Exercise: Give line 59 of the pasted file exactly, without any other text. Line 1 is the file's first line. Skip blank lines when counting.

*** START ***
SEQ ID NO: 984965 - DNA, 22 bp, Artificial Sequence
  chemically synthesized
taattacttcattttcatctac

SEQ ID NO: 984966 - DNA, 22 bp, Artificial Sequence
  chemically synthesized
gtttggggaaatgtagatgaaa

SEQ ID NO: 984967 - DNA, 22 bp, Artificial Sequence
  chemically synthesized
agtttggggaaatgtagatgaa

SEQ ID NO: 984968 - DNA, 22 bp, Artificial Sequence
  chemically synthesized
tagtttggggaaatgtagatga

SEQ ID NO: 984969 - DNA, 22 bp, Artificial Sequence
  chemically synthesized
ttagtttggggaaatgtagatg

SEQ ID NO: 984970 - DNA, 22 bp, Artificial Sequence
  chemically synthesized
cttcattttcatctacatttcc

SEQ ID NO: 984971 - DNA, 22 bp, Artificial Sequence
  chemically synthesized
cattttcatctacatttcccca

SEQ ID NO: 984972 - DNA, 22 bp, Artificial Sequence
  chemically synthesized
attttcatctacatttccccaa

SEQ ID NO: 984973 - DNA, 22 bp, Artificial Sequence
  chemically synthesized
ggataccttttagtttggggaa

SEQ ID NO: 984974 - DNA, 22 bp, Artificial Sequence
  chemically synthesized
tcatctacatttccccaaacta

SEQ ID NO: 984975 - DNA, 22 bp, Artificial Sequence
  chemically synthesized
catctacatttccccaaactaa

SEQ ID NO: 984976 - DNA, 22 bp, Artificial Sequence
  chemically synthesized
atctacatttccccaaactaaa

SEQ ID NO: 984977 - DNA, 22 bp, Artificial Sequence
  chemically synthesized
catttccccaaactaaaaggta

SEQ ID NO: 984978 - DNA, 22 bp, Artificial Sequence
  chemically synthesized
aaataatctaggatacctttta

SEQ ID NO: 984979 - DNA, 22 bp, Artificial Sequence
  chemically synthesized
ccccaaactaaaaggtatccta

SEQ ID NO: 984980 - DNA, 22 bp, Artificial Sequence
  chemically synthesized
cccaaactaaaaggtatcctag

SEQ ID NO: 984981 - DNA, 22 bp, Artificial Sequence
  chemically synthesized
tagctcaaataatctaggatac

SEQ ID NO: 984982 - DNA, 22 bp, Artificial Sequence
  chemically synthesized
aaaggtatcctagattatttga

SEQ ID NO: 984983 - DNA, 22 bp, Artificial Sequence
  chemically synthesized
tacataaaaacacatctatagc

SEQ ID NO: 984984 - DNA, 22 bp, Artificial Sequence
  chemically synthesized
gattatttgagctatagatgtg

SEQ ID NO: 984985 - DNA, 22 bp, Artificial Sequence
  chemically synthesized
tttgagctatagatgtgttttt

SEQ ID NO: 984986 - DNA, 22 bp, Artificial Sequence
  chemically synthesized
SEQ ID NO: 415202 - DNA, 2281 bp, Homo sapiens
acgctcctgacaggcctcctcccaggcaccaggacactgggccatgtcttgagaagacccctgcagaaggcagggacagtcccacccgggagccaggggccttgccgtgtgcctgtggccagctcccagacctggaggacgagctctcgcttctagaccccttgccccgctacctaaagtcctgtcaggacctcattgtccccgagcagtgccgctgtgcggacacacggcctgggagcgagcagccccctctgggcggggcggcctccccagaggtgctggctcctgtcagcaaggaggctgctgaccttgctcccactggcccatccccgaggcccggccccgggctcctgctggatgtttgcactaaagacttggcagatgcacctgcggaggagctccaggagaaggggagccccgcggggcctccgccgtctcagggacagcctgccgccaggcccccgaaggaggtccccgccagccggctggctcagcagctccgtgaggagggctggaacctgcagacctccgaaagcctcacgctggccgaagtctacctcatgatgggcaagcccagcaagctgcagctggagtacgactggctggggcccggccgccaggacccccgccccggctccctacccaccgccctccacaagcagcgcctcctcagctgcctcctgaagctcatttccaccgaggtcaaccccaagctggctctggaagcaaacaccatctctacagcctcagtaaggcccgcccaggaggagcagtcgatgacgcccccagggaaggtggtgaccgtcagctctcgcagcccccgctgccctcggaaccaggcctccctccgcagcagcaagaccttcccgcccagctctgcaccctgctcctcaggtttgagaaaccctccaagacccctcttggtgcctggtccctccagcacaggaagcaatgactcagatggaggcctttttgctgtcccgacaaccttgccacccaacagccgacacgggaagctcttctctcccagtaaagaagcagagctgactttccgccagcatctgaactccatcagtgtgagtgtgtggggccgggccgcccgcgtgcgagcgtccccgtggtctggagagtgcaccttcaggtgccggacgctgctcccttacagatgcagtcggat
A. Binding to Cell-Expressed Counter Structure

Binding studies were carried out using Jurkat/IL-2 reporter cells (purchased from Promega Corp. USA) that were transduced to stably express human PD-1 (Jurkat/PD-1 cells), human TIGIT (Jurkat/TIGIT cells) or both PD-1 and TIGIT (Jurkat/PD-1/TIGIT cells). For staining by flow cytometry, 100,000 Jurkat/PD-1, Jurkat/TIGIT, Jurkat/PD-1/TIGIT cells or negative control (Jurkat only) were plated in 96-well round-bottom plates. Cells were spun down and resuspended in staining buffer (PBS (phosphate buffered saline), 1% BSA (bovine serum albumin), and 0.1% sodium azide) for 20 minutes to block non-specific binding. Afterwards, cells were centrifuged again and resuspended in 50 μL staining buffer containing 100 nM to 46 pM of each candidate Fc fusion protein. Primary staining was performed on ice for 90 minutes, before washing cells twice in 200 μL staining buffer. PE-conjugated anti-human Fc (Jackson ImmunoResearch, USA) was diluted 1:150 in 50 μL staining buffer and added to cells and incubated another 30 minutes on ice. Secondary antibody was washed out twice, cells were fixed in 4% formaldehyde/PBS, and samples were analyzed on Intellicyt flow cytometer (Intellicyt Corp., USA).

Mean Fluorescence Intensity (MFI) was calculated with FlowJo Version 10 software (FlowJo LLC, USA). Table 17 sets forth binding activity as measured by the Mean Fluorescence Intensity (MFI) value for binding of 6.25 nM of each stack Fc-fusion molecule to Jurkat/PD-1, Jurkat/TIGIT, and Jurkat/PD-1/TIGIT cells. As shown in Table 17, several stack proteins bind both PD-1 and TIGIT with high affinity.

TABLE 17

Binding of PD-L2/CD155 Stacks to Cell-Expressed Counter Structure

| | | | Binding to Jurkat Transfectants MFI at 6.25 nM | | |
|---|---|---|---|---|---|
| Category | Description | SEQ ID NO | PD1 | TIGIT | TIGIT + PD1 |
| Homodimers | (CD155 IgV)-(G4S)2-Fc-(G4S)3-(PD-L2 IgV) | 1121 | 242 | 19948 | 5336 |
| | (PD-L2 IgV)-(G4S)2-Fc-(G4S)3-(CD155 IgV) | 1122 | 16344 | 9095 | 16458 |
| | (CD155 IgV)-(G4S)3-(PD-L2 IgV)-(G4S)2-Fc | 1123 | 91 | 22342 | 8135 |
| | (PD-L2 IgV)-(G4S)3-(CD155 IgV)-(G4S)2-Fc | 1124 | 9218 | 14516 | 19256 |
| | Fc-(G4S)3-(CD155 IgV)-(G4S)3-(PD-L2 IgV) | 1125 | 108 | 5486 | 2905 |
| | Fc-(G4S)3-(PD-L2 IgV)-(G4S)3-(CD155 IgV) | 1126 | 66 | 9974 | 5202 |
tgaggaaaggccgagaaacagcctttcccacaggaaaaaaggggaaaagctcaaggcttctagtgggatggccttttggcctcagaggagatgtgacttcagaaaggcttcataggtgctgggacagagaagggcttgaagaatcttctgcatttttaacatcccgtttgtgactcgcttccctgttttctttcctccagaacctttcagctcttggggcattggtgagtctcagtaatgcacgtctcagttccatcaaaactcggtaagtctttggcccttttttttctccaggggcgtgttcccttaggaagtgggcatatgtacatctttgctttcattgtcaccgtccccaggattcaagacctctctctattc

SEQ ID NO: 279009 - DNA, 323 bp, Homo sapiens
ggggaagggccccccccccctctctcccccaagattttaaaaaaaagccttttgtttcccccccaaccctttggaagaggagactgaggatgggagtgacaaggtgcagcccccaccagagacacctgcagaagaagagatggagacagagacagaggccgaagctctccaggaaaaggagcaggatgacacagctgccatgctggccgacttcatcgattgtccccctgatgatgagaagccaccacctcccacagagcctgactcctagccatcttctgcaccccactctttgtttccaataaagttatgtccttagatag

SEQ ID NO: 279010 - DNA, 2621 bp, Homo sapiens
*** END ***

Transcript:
  chemically synthesized